Participatory Spirituality for the 21st Century
A writer named Peter Kingsley has been making waves recently in some parts of the Integral community -- particularly his book, A Story Waiting to Pierce You: Mongolia, Tibet and the Destiny of t.... When I first heard about him awhile back, I checked out an online video interview with him -- which I'll try to locate later -- and was not very impressed by what I heard, as I recall, but I thought I'd share his work here for anyone who might be interested. From what I've gathered so far, his main thesis is that we have all but lost touch with the "original," mystical, "feminine" foundations of Western civilization, which he traces to the work of Parmenides -- and, beyond him, to Mongolia and Tibet --, and Kingsley's work is about retracing and reclaiming that link.
Here's a link to a brief article on this: The Spiritual Tradition at the Roots of Western Civilization.
And here's more info on his latest book (from his website):
A Story Waiting To Pierce You offers a breathtaking insight into our past and our future as human beings. For the first time in centuries it traces the ancient threads that connect Mongolia, Tibet and Native Americans to the very origins of western civilization -- showing how these sacred ties have shaped our lives today.
This remarkable book tells, with haunting simplicity and precision, the true story of where our western culture really came from and where it is taking us now.
"A true encanto, an incantation, this book is pure music. It sings to the reader. This is the real thing. In each paragraph of the book, the Spirit is there. This is what the native people of the Americas have been trying to say, but were never permitted to. This song is the song of wisdom that we native people have not been allowed to sing."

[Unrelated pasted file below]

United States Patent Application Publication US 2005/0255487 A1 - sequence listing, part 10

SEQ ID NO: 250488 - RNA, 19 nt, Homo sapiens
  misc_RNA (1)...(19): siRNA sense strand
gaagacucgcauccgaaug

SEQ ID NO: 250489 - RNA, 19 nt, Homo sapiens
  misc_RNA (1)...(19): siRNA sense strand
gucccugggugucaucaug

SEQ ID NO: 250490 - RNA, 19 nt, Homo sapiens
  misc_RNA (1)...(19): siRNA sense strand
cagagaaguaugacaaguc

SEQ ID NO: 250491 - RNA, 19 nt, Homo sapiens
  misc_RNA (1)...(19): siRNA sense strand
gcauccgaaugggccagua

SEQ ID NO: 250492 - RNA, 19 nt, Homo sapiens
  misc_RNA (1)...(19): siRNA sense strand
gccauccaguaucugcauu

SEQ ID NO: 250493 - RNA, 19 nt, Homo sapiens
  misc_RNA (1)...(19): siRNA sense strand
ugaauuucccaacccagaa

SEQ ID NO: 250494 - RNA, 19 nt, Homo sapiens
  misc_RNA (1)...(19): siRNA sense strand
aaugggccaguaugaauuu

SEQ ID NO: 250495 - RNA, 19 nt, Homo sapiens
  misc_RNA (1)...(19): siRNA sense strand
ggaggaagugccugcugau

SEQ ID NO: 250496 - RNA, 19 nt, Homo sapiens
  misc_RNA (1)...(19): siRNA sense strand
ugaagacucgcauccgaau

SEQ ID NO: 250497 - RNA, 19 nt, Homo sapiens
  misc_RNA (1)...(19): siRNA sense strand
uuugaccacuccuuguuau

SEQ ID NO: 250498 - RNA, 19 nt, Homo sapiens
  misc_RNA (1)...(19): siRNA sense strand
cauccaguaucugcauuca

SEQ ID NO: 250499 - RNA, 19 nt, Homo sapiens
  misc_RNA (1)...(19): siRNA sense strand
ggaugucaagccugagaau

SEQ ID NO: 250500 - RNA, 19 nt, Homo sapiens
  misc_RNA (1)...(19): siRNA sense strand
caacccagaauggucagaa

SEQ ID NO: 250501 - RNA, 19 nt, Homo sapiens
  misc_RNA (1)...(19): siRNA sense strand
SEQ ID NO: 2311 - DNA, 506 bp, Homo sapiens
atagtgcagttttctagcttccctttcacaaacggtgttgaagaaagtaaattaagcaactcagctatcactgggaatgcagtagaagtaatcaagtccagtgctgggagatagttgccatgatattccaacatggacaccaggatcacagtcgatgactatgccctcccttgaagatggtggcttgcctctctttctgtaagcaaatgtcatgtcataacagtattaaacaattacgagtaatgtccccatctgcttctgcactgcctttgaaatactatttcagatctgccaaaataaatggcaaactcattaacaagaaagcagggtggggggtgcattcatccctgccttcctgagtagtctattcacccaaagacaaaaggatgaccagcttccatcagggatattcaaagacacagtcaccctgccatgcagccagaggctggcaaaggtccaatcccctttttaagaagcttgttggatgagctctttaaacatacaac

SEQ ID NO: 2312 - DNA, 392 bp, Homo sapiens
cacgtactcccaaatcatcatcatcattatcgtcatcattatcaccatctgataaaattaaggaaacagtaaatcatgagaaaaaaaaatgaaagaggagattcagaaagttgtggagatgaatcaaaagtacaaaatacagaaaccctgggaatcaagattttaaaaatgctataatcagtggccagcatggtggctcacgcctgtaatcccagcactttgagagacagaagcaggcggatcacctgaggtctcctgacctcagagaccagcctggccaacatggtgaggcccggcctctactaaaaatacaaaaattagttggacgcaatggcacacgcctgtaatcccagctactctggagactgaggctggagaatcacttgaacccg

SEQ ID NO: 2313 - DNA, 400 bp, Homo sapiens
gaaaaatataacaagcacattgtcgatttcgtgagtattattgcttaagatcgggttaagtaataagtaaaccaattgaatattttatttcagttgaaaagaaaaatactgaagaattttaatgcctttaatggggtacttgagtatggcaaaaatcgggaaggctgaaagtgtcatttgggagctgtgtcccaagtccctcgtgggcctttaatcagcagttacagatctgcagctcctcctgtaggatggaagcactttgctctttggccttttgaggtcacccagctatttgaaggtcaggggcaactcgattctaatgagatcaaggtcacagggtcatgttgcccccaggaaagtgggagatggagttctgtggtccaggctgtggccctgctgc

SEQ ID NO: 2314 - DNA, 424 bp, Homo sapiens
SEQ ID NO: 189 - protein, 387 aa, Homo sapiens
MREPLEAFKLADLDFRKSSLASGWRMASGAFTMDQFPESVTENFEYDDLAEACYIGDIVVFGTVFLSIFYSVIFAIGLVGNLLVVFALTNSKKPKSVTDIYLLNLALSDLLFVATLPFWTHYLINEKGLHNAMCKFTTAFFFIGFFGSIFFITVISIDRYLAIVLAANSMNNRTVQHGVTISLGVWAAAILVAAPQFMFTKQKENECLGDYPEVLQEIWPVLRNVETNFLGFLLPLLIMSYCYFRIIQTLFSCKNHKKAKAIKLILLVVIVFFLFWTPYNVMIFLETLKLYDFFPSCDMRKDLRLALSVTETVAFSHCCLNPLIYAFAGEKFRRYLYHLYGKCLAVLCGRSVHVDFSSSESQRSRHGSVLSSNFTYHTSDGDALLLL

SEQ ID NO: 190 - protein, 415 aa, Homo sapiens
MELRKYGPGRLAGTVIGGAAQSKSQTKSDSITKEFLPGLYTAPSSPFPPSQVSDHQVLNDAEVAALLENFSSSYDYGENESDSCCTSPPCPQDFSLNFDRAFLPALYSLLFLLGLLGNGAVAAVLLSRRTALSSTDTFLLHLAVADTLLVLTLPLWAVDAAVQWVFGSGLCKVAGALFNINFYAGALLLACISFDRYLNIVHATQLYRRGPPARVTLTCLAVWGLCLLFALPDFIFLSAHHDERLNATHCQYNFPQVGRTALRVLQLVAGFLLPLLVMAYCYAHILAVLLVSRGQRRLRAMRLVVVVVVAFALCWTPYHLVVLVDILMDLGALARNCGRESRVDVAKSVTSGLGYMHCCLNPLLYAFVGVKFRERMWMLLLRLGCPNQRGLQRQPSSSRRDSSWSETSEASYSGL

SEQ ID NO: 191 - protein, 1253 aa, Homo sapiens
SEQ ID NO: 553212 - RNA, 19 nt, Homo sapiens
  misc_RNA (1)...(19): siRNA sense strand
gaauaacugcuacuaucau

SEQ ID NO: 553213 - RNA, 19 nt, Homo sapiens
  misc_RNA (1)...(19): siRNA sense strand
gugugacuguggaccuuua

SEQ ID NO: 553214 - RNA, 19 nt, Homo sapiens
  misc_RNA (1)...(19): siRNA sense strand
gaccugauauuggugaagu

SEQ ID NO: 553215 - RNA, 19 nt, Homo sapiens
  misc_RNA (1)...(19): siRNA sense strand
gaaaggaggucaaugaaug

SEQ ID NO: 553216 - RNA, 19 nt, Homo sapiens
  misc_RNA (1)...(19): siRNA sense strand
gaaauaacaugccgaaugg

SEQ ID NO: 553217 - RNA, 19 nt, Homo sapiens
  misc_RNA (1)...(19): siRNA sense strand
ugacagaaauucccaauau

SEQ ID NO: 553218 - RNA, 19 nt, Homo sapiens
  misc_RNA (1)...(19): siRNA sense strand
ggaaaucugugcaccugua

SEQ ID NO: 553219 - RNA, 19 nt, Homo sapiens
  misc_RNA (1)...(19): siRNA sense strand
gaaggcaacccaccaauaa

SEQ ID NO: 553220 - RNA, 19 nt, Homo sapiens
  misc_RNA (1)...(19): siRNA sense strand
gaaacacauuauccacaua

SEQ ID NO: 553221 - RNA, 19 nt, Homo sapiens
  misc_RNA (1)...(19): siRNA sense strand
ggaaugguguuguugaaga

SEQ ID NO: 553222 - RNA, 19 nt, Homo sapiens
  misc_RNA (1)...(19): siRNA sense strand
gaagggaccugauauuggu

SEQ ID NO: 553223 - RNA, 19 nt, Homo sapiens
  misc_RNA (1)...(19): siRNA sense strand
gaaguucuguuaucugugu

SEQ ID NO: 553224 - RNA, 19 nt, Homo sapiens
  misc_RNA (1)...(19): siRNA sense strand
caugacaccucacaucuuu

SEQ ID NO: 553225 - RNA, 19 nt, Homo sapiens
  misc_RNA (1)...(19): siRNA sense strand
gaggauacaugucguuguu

ﾠﾠﾠﾠﾠﾠﾠﾠ From the Foreword by Joseph Rael (Beautiful Painted Arrow)
"A wondrous love of wisdom is building inside us. Let this book wake you up into new sunlight: into feeling again the ecstatic wholeness of being alive on this planet, the soul-joy of walking, of reading books (see the astonishing Notes to this text: a great, Nabokovian exuberance), of giving attention to whatever wants to come next, the beauty and the mystery. It is not just a book, and so to be read with the mind. Peter Kingsley's voice is a friend, and also a way of seeing, of remembering essence, of walking in a great circle around an island you have always loved, but only rarely visited."
ﾠﾠﾠﾠﾠﾠﾠﾠ Coleman Barks
"The rich and dense scholarship in this book is admirable, nay incredible, with worldwide scope. Scholarly discussion depends on evidence -- of which A Story Waiting to Pierce You offers the most surprising riches, combined with overwhelming expertise."
ﾠﾠﾠﾠﾠﾠﾠﾠ Prof. Walter Burkert
"In this profoundly erudite and eloquent book is a startling ancient secret that will forever alter the way we think about the origins of western civilization."
ﾠﾠﾠﾠﾠﾠﾠﾠ Pir Zia Inayat Khan
"A Story Waiting to Pierce You is, simply, piercing. Peter Kingsley is a master of adamantine prose and peerless scholarship. His work is truly worthy of that overworked term wisdom. And he is a master stylist: he turns you upside down and inside out without your knowing it is happening. This book will inspire, delight and enlighten many but will also challenge others because it is a mirror that reflects our most stubborn prejudices about the origins of our most sacrosanct cultural beliefs. And for that, Peter Kingsley deserves the highest praise."
ﾠﾠﾠﾠﾠﾠﾠﾠ Larry Dossey, M.D.
"A blazingly alive work of scholarship and spiritual insight."
ﾠﾠﾠﾠﾠﾠﾠﾠ Prof. Jacob Needleman
"By challenging some of our most fundamental perceptions of early European history, Peter Kingsley pushes out the horizon of the modern world and opens a new chapter in our appreciation of European-Asian relations. His innovative research into the spiritual and intellectual debt of ancient Greece to Inner Asia not only broadens our understanding of the past, but also helps us to understand better who we are today."
ﾠﾠﾠﾠﾠﾠﾠﾠ Prof. Jack Weatherford
"I have read A Story Waiting to Pierce You with tremendous fascination. It is a unique work -- a captivating and enlightening book which I heartily recommend to anyone with an interest in Eurasian history."
ﾠﾠﾠﾠﾠﾠﾠﾠ Prof. Victor Mair
"Peter Kingsley is more than a master storyteller. He is a magician who reveals the golden thread of truth which makes its way through time and space, secretly holding the fabric of our world together. A Story Waiting to Pierce You reveals the surprisingly mystical origins, and purpose, of western culture as well as what it means to participate in its eternal unfolding right now."
"This is a book of miracles -- deceptively simple, actively profound. It is a core story of human becoming, the secret history that holds the codes to what we are and what we yet may be."
ﾠﾠﾠﾠﾠﾠﾠﾠ Jean Houston